Mr. Bercow: In a moment. The hon. Gentleman is spectacularly misnamed, in view of his speedy commitment to the abolition of our national currency and its replacement with another, but he is a jovial character, and I can resist him no longer.
Mr. Pound: I am reluctant to interrupt the hon. Gentleman's flow, and I can understand why, on public service broadcasting in America, he is already considered something of a cult. [Interruption.] Perhaps that lost something in translation.
May I ask the hon. Gentleman a couple of questions? Has there ever been a time in the proud and glorious mercantile history of this nation when any honest cordwainer or cooper has said, "Whacko! More taxes. I'm happy with that."? Has there ever been an occasion when people have not objected to taxation? Has there ever been a time when manufacturers in this country have not recognised that the health of the nation is essential to the productivity of the nation?
The cost to local government, which has been lumbered with more responsibilities than ever before and forced by Government to set the highest level of council tax since its inception, will be an extra £300 million a year. Perhaps the most depressing irony of all, in the context of a Bill which ostensibly is designed to bolster our national health service, is that the NHS itself will face a bill of an extra £200 million a year as a result of the increase in employers' national insurance contributions.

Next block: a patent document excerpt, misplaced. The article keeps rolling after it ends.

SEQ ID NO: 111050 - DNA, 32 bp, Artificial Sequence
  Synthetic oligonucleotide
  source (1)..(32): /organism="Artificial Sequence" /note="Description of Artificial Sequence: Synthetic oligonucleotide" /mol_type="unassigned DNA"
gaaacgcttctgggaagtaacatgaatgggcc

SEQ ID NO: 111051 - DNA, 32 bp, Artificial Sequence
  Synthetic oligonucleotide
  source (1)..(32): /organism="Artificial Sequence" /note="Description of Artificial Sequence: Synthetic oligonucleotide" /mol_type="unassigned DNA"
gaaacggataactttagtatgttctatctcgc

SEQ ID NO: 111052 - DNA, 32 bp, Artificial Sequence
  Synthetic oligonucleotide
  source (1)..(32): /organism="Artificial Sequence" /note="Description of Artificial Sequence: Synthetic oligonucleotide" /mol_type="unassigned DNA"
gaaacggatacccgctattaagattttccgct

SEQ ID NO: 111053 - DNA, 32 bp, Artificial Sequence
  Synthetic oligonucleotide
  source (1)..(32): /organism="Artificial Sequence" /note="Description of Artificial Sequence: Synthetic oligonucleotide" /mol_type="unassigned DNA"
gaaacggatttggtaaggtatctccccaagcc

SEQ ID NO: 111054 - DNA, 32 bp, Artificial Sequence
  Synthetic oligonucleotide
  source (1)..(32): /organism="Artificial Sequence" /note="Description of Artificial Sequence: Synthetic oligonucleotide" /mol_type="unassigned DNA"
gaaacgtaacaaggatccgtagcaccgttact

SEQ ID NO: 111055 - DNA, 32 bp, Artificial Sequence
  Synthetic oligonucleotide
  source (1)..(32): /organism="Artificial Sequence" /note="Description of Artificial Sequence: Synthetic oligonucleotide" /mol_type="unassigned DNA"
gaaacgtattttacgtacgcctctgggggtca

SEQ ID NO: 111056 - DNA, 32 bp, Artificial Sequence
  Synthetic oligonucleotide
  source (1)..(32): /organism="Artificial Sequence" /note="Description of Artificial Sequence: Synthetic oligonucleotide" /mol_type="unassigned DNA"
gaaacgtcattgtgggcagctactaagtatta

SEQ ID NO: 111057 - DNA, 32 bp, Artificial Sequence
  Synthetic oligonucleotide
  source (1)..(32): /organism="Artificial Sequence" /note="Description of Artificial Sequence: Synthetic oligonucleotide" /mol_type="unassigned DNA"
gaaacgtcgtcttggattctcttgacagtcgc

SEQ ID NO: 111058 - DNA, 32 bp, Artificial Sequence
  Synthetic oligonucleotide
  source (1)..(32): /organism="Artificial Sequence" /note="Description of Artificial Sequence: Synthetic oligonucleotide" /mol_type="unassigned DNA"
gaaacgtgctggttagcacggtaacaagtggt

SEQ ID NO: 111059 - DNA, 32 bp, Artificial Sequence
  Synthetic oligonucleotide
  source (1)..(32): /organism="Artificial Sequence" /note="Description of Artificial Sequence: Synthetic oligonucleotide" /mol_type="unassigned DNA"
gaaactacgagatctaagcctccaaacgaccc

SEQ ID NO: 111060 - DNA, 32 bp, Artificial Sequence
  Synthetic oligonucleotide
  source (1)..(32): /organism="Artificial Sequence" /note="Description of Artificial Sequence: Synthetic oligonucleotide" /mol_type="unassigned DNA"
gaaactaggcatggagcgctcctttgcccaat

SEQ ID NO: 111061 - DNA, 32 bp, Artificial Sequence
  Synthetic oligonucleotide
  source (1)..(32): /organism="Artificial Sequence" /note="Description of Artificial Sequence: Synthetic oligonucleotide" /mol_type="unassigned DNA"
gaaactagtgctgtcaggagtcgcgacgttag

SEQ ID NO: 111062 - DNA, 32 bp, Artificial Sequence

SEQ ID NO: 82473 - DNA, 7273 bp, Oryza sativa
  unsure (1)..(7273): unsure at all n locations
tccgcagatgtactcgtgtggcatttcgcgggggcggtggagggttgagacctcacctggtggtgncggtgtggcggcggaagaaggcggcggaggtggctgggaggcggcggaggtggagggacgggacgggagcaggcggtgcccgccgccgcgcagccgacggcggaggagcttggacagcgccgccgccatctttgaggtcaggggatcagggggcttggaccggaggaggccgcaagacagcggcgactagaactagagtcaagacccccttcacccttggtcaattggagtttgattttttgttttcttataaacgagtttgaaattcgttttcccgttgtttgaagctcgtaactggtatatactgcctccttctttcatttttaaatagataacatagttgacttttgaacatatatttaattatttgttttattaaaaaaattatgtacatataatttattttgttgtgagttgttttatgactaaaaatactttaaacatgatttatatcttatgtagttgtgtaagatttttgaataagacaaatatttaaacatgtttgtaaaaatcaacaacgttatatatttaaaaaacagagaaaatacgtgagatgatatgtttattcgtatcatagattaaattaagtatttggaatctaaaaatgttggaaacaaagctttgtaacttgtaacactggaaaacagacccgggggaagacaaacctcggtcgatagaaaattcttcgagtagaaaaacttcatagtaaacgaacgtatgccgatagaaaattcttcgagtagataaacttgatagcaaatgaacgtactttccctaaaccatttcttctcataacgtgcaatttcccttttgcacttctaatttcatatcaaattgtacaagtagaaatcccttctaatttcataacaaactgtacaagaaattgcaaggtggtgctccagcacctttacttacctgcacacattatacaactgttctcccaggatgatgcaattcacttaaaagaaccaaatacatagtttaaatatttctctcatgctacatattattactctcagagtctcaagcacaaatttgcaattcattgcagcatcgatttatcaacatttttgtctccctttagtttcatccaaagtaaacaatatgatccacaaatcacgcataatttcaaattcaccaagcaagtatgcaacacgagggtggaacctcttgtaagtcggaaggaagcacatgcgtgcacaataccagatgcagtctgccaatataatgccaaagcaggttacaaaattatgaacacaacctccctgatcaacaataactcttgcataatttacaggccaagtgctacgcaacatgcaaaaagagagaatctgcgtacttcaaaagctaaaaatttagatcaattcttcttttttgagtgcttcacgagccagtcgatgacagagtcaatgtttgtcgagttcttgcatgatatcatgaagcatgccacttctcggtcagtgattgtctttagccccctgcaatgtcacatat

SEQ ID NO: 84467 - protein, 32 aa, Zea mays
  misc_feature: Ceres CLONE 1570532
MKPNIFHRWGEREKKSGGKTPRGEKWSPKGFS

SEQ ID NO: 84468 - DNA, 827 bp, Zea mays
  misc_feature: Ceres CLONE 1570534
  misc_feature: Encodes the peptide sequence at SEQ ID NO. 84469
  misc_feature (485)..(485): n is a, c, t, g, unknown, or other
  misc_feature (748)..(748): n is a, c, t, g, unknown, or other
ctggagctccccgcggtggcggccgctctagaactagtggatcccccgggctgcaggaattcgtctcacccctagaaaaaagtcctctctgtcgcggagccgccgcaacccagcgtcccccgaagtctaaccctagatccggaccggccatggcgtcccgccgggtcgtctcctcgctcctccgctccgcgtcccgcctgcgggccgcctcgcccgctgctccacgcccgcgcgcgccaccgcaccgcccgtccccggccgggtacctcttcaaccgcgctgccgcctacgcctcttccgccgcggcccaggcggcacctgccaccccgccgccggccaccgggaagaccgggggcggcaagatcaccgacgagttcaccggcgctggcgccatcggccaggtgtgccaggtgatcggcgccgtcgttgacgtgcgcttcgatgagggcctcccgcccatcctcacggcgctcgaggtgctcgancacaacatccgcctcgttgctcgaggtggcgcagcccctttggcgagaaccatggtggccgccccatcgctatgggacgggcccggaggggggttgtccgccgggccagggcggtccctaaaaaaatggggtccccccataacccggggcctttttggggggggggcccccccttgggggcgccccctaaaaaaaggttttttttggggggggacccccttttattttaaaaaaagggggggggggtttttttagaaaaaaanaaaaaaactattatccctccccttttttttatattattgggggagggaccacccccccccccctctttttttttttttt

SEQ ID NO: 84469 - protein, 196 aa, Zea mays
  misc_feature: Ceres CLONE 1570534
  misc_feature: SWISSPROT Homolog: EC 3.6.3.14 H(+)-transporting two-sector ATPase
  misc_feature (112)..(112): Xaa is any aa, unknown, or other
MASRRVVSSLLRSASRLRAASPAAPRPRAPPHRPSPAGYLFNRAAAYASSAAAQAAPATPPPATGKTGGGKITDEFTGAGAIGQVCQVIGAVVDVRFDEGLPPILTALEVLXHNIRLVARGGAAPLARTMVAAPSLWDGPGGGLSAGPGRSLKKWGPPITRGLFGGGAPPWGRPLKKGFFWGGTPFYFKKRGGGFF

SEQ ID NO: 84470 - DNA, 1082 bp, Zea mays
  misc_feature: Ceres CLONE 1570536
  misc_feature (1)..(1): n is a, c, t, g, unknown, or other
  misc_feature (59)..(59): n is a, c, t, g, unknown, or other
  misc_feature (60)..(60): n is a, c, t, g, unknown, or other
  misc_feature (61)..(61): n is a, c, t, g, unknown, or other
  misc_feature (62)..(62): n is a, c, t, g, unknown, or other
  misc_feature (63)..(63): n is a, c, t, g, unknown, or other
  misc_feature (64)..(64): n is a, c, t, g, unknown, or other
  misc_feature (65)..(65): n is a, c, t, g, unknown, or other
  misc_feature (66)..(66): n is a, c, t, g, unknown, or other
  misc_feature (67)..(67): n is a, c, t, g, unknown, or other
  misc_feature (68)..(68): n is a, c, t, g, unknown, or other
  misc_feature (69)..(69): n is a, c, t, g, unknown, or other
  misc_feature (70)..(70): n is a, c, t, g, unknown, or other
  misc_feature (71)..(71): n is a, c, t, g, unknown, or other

Look at the care home sector. [Interruption.] I know that the hon. Member for Rhondda (Mr. Bryant), who is chuntering to himselfa very worrying sign at this early stage in his parliamentary careerdoes not want to discuss this important matter, but I say to the hon. Gentleman and to the House that since 199697 almost 50,000 care home beds have been lost, creating personal
Yet the Chief Secretary claims that the Bill will bring about the improvements in health care that we all want to see. Of course, as my right hon. and hon. Friends are painfully aware, every year Ministers promise that reform and extra spending will go hand in hand, but every year that promise is broken. We see no reform; we see no change; we no improvement. We see only the higher taxes which are the instinctive response and the favourite sport of Labour Governments, new as well as old. Without change